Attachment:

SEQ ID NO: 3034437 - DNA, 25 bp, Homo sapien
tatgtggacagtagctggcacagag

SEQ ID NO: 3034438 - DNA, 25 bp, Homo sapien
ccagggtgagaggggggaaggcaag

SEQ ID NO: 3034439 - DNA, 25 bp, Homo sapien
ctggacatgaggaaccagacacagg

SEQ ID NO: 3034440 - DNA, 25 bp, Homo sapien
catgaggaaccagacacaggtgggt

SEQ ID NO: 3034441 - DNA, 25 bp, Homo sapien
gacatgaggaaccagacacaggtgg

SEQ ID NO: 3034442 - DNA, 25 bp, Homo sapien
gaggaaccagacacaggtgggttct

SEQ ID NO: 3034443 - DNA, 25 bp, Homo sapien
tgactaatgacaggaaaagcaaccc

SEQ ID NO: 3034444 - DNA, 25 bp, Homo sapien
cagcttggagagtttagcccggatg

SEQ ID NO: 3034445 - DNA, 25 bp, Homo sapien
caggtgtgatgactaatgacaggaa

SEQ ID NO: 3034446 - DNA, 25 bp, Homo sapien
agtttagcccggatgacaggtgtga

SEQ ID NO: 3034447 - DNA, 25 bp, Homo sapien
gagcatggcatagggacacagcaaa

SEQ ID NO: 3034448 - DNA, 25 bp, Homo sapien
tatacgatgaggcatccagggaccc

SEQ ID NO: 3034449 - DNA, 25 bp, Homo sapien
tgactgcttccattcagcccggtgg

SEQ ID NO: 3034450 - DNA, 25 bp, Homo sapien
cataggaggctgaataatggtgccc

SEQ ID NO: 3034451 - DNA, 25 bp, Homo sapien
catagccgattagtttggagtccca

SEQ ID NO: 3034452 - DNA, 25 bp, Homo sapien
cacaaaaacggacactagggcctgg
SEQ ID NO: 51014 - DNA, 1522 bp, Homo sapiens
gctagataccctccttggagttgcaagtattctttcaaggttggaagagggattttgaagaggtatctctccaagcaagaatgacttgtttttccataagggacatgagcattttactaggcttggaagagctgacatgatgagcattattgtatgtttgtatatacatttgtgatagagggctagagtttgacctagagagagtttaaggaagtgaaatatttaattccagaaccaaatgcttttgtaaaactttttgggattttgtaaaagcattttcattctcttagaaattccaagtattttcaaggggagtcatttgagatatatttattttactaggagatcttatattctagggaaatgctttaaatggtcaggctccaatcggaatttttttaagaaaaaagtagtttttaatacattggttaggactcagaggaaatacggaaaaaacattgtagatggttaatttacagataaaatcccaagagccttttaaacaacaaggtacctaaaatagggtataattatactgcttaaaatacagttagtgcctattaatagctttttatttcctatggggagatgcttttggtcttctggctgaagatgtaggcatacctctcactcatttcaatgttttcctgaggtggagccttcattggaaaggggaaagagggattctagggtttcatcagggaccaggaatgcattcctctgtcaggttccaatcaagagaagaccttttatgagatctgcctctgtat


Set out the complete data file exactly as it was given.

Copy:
SEQ ID NO: 3034437 - DNA, 25 bp, Homo sapien
tatgtggacagtagctggcacagag

SEQ ID NO: 3034438 - DNA, 25 bp, Homo sapien
ccagggtgagaggggggaaggcaag

SEQ ID NO: 3034439 - DNA, 25 bp, Homo sapien
ctggacatgaggaaccagacacagg

SEQ ID NO: 3034440 - DNA, 25 bp, Homo sapien
catgaggaaccagacacaggtgggt

SEQ ID NO: 3034441 - DNA, 25 bp, Homo sapien
gacatgaggaaccagacacaggtgg

SEQ ID NO: 3034442 - DNA, 25 bp, Homo sapien
gaggaaccagacacaggtgggttct

SEQ ID NO: 3034443 - DNA, 25 bp, Homo sapien
tgactaatgacaggaaaagcaaccc

SEQ ID NO: 3034444 - DNA, 25 bp, Homo sapien
cagcttggagagtttagcccggatg

SEQ ID NO: 3034445 - DNA, 25 bp, Homo sapien
caggtgtgatgactaatgacaggaa

SEQ ID NO: 3034446 - DNA, 25 bp, Homo sapien
agtttagcccggatgacaggtgtga

SEQ ID NO: 3034447 - DNA, 25 bp, Homo sapien
gagcatggcatagggacacagcaaa

SEQ ID NO: 3034448 - DNA, 25 bp, Homo sapien
tatacgatgaggcatccagggaccc

SEQ ID NO: 3034449 - DNA, 25 bp, Homo sapien
tgactgcttccattcagcccggtgg

SEQ ID NO: 3034450 - DNA, 25 bp, Homo sapien
cataggaggctgaataatggtgccc

SEQ ID NO: 3034451 - DNA, 25 bp, Homo sapien
catagccgattagtttggagtccca

SEQ ID NO: 3034452 - DNA, 25 bp, Homo sapien
cacaaaaacggacactagggcctgg
SEQ ID NO: 51014 - DNA, 1522 bp, Homo sapiens
gctagataccctccttggagttgcaagtattctttcaaggttggaagagggattttgaagaggtatctctccaagcaagaatgacttgtttttccataagggacatgagcattttactaggcttggaagagctgacatgatgagcattattgtatgtttgtatatacatttgtgatagagggctagagtttgacctagagagagtttaaggaagtgaaatatttaattccagaaccaaatgcttttgtaaaactttttgggattttgtaaaagcattttcattctcttagaaattccaagtattttcaaggggagtcatttgagatatatttattttactaggagatcttatattctagggaaatgctttaaatggtcaggctccaatcggaatttttttaagaaaaaagtagtttttaatacattggttaggactcagaggaaatacggaaaaaacattgtagatggttaatttacagataaaatcccaagagccttttaaacaacaaggtacctaaaatagggtataattatactgcttaaaatacagttagtgcctattaatagctttttatttcctatggggagatgcttttggtcttctggctgaagatgtaggcatacctctcactcatttcaatgttttcctgaggtggagccttcattggaaaggggaaagagggattctagggtttcatcagggaccaggaatgcattcctctgtcaggttccaatcaagagaagaccttttatgagatctgcctctgtat